Dan8267   befriend   ignore   Mon, 5 Mar 2012, 1:45am PST   Share   Quote   Like (4)   Dislike     Comment 5

woppa says

How severely would inflation have to rise for it to make sense to burden oneself with a huge mortgage.

You're assuming that the government and banks won't cheat. They will. They always do.

If they decide to inflate the currency at a rate of 30% a year, they will pass an emergency act that raises your mortgage rate, perhaps by forcing a conversion to an adjustable rate. They won't let a middle class peon profit from their debasing of the currency. All profits must flow to the hungry, greedy beast that is our corporate-run government.

TPB   befriend   ignore   Mon, 5 Mar 2012, 2:12am PST   Share   Quote   Like (1)   Dislike     Comment 6

Inflation is not the problem, nor is mortgages, the problem is the ingrained belief that people over 30 today. Think that life just ain't worth living, unless they are living the house the Sapranos were filmed in.

I bought in '10 and am paying less in Mortgage than I did in rent 3 for years prior.

People need to quit fronting like they are Player. Players can afford to be Players, even when they lose their job. Players are their own job. If your finances hinge on the ability to find a job that is comparable to your present job. And that skill isn't a high demand. Then you are living beyond your means. I don't care if you are pop star with a new hit single. If you are going to buy a Mansion, you better be Michael Jackson and can keep the hits coming.

People are always surprised when a once rich guy is broke. That's what happens when you're not Prudent with finances, and reckon your self a bit of a Player.

uomo_senza_nome   befriend   ignore   Mon, 5 Mar 2012, 3:01am PST   Share   Quote   Like   Dislike     Comment 7

Dan8267 says

They won't let a middle class peon profit from their debasing of the currency. All profits must flow to the hungry, greedy beast that is our corporate-run government.

Very true. Rules will be changed if things go to crapper.

California Equity & Loan   befriend   ignore   Mon, 5 Mar 2012, 5:20pm PST   Share   Quote   Like   Dislike (1)     Comment 8

Math question, not a social question.
Use the below assumptions. Build the equation. No talk.

Assumptions:
Purchase price $500,000.
20% down payment.
80% mortgage at 4%.
RE Taxes = $6,000 increasing 2% per year.
HO Insurance = $900*
Annual maintenance specific to the property owner - $2,500*
Down payment funds could have earned a prime minus 2% compounding.
To realize gain, property must liquidate.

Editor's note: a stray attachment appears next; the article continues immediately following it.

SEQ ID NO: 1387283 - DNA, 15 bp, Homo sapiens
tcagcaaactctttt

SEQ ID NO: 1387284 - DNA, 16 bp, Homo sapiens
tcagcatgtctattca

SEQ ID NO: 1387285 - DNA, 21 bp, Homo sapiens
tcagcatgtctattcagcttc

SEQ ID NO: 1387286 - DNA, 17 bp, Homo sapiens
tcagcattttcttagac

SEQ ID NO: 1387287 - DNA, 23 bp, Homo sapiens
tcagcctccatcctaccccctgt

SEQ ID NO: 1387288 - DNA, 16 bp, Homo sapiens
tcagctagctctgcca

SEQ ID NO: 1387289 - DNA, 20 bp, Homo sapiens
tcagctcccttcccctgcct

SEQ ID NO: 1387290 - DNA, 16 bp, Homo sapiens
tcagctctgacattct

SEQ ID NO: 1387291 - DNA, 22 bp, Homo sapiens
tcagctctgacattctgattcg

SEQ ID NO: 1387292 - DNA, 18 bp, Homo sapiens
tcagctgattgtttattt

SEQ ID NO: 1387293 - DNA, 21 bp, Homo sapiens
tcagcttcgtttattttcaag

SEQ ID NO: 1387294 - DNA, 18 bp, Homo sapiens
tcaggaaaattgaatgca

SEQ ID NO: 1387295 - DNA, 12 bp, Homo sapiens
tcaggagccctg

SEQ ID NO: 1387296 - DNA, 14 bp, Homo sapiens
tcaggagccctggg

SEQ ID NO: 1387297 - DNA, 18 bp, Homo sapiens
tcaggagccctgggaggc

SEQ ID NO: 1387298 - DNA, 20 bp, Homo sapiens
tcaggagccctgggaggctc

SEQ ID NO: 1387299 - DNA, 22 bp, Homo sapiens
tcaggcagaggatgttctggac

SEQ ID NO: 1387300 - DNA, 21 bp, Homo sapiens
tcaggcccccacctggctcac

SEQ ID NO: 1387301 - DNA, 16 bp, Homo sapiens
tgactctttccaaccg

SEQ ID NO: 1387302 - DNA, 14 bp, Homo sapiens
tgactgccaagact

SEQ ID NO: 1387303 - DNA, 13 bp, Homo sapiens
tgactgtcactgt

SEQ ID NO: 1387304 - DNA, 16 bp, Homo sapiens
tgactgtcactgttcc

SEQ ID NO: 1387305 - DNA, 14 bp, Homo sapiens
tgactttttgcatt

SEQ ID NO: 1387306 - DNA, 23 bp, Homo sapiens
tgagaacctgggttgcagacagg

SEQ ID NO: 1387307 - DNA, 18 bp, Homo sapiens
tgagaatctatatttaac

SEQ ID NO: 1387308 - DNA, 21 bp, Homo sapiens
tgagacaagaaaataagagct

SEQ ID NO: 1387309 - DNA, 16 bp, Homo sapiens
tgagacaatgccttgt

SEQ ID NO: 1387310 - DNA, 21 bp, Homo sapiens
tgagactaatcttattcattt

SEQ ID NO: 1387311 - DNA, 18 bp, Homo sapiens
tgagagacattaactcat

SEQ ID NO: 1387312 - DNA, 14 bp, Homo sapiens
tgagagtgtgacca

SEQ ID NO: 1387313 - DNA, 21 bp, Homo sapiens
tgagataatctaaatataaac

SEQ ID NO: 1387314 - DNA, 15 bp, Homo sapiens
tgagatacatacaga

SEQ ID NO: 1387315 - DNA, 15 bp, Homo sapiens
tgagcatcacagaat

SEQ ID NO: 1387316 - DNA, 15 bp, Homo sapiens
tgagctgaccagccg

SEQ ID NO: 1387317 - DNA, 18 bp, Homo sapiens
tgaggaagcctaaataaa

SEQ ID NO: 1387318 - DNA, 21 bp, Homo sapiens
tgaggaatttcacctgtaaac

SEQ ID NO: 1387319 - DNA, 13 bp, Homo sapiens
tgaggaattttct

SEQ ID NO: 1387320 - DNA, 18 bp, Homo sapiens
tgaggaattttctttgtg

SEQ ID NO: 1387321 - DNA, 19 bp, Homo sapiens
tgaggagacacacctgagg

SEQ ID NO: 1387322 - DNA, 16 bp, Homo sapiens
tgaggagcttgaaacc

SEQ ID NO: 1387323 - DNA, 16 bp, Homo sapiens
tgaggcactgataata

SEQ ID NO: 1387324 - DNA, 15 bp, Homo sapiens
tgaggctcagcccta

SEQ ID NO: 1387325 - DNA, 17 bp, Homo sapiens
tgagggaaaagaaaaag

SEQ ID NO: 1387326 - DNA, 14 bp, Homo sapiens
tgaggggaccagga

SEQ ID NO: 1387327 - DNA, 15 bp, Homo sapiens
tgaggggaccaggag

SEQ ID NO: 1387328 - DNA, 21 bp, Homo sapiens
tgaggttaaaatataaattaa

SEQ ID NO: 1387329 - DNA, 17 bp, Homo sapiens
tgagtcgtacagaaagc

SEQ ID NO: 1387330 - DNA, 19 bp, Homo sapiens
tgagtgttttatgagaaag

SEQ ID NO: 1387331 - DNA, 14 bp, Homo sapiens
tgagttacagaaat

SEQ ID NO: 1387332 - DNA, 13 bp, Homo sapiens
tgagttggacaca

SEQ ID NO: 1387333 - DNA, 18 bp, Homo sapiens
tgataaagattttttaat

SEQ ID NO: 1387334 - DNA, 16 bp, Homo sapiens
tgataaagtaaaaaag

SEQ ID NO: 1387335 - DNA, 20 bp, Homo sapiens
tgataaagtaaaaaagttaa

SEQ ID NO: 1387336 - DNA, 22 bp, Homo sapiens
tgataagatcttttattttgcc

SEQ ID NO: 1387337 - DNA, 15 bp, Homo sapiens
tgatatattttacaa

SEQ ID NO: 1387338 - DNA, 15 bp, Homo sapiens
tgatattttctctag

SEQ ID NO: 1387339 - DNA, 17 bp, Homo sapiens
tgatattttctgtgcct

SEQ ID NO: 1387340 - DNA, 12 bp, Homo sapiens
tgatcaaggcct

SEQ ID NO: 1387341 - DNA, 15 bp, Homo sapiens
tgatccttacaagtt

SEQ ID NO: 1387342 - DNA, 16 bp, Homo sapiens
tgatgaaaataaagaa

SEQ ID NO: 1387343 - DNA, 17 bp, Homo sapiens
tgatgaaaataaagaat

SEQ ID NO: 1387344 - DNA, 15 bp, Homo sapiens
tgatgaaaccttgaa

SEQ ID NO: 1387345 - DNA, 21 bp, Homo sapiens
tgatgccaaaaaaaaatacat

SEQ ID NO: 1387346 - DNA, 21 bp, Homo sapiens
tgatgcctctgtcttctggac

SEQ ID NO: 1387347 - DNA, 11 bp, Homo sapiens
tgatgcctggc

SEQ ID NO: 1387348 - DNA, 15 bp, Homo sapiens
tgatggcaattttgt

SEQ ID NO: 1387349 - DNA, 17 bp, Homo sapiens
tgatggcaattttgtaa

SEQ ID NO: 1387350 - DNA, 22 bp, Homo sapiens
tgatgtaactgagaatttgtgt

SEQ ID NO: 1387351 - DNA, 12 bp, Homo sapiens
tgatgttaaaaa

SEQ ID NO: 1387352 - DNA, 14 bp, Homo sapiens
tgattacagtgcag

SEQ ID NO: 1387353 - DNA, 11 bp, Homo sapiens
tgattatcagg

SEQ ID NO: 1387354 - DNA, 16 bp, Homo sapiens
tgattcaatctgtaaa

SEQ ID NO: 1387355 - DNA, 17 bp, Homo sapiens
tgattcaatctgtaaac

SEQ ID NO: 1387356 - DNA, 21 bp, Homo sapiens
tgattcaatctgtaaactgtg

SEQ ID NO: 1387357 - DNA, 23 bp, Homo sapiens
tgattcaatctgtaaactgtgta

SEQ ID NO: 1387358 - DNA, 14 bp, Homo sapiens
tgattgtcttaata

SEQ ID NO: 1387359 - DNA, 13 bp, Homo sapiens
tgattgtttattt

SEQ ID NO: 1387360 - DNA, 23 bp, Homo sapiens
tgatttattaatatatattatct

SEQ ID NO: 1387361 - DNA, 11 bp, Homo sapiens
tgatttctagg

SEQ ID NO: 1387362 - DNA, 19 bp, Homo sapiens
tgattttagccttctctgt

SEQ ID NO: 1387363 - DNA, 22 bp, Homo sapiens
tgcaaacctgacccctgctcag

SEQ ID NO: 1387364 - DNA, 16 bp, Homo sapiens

Liquidate at 10 years with 7.5% total cost of sale.
At the end of the 10th year mortgage balance will be $315,000.
Income from sale not taxed.
10 year chart of inflation in housing prices:
2012 -5%
2013 -3%
2014 0
2015 +6%
2016 +14%
2017 +12%
2018 +8%
2019 0
2020 -8%
2021 -15%

*These values increase and decline with inflation.

citizen jpp   befriend   ignore   Mon, 5 Mar 2012, 6:30pm PST   Share   Quote   Like (2)   Dislike     Comment 9

In hyperinflation, you would have trouble getting enough food to eat, forget about being able to heat/cool your house. Sounds like you want to prepare for a 1975 scenario -- that is like wishing you were 16 again...

taxee   befriend   ignore   Mon, 5 Mar 2012, 9:25pm PST   Share   Quote   Like (4)   Dislike     Comment 10

In 1975 my lady and I were living in a tepee on top of a mountain in Oregon with three other couples. Worked on tree planting crews for a little money. Skinned and ate road kill deer when we found them and had a good old time. I just don't know what's wrong with our youth these days that they can't enjoy themselves.

Auntiegrav   befriend   ignore   Mon, 5 Mar 2012, 10:44pm PST   Share   Quote   Like (2)   Dislike (2)     Comment 11

The true value of a house is whether or not it puts people where they need to be useful to their own future. Individually and collectively, this is the rub. Whether inflation occurs or not is based on the economics of the culture, because the economy is just data that reflects what people are doing. If everyone is using oil to drive to a job to buy a car to drive to a job, and they plop houses anywhere they have a hankerin' to do so, then basing your assumptions on the value of A: the economy figures and B: the price of the house is simply deluding yourself that the culture itself will continue to function as the consuming beast that it is, and that the availability of resources for it to do so will remain stable.

marcus   befriend   ignore   Mon, 5 Mar 2012, 11:14pm PST   Share   Quote   Like   Dislike     Comment 12

chemechie says

Hyperinflation will only help you with mortgage or other debts IF your income keeps up with inflation - which is a BIG if!

I know what you mean, but I don't agree entirely.